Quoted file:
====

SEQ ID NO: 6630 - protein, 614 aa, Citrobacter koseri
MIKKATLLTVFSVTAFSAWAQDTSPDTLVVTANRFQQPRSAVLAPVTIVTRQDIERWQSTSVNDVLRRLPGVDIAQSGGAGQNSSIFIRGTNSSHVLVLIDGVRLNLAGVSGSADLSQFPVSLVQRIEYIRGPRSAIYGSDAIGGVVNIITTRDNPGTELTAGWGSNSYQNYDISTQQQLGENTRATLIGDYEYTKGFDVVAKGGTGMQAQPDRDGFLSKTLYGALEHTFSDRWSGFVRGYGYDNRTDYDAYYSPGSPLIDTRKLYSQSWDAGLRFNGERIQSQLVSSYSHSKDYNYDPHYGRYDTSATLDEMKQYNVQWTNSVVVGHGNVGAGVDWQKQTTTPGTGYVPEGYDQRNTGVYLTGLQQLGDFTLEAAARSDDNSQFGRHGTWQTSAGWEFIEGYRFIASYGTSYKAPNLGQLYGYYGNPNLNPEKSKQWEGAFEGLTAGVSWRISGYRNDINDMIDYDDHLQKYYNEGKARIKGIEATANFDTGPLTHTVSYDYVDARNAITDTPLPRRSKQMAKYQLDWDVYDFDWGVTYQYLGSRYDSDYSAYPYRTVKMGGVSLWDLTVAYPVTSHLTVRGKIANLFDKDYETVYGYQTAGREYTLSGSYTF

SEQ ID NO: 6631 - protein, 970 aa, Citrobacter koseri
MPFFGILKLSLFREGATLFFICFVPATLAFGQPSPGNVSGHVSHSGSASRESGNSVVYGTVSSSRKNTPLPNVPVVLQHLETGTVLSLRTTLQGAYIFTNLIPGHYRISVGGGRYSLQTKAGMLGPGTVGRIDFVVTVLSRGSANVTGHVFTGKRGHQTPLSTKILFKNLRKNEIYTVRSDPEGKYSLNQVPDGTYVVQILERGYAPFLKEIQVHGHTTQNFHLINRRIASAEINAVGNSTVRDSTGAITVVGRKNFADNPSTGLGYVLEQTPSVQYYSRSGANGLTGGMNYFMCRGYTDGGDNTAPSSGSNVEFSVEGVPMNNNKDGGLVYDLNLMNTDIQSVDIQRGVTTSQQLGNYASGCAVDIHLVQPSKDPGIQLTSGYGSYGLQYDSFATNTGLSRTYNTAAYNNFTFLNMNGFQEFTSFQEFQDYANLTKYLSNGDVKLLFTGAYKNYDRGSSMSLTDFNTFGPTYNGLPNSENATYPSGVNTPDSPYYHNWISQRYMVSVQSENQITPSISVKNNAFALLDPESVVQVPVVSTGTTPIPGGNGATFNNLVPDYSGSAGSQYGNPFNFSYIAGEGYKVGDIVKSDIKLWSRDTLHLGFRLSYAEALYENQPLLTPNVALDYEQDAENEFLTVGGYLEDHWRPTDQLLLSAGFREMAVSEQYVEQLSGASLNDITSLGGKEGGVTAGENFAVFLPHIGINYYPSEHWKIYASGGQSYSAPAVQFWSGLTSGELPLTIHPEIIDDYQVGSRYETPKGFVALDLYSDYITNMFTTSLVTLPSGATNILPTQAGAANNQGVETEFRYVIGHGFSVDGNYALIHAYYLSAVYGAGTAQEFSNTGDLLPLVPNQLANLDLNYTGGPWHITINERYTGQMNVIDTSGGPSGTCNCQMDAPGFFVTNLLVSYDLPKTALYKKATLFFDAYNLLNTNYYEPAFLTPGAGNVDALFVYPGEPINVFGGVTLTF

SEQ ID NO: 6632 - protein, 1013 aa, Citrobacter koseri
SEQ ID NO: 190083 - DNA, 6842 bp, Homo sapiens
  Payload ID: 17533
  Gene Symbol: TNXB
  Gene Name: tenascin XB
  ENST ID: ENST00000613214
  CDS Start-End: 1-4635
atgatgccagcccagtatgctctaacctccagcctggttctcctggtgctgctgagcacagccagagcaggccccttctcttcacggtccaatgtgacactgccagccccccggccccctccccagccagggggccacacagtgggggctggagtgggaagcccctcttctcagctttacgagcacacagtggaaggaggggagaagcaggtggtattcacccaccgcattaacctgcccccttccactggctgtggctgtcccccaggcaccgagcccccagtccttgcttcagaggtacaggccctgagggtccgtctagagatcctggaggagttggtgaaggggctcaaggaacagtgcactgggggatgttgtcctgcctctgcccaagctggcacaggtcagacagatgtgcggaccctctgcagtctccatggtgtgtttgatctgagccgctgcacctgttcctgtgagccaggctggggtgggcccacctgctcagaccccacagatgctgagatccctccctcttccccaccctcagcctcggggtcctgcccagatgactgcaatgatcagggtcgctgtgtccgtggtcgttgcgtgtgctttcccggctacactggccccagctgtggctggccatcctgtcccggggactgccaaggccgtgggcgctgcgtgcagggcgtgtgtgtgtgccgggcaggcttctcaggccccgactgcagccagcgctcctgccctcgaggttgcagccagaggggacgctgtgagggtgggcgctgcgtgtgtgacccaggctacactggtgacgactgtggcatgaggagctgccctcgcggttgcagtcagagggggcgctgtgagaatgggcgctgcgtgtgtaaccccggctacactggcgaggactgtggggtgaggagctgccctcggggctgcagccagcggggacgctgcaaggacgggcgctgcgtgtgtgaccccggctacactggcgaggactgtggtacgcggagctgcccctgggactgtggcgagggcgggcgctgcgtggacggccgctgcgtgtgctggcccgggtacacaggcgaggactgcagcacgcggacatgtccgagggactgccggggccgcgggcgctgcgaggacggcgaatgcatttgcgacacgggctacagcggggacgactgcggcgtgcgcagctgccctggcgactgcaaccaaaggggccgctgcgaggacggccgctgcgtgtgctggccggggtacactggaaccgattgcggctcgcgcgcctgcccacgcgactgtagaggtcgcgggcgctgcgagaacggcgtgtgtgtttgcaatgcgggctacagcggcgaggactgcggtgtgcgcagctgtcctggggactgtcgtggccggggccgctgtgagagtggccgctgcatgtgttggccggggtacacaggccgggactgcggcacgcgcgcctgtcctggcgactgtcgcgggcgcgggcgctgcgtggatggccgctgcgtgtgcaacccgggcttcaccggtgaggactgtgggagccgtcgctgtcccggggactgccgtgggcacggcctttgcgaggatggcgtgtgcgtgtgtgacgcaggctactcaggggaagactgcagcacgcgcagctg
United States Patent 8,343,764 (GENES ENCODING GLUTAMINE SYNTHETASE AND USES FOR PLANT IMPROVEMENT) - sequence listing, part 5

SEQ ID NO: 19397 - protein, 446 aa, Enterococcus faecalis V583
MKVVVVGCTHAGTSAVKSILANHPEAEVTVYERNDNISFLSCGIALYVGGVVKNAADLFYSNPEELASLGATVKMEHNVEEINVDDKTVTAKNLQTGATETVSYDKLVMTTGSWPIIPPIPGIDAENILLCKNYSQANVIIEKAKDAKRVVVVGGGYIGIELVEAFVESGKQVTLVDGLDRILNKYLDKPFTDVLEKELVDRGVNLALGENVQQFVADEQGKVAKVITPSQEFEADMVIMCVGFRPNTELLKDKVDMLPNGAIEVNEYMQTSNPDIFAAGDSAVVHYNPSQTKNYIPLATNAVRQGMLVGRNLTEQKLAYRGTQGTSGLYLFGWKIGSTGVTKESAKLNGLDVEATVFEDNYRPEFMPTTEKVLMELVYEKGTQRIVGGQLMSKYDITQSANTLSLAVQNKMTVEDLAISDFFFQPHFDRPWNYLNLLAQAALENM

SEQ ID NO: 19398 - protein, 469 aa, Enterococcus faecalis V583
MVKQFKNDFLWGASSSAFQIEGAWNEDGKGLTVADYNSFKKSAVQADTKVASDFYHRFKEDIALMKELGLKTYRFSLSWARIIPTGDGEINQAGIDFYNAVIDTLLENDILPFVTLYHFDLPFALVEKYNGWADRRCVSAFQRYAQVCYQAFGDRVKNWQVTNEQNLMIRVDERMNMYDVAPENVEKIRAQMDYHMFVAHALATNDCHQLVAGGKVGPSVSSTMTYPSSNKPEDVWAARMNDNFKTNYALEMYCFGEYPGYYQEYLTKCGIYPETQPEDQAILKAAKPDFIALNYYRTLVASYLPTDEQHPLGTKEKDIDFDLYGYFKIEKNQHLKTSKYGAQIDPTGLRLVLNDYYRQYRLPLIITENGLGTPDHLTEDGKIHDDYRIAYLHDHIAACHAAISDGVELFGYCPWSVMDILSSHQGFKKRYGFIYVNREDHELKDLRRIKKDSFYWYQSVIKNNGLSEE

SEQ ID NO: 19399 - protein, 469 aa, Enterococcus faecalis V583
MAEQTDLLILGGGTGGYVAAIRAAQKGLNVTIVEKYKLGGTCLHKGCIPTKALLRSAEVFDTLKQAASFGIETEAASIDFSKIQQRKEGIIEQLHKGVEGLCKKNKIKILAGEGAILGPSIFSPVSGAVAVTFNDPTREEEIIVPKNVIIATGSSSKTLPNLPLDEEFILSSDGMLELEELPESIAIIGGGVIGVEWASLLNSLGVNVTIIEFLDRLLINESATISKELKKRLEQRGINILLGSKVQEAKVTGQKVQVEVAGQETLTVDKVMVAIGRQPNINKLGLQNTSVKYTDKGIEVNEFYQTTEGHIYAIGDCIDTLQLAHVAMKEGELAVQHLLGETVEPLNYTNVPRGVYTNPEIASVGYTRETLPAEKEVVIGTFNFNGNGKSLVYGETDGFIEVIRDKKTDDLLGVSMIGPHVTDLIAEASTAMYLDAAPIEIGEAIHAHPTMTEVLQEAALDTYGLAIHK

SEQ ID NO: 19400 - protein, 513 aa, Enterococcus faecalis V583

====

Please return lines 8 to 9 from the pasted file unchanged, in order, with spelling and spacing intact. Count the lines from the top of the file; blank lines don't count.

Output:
  Gene Symbol: TNXB
  Gene Name: tenascin XB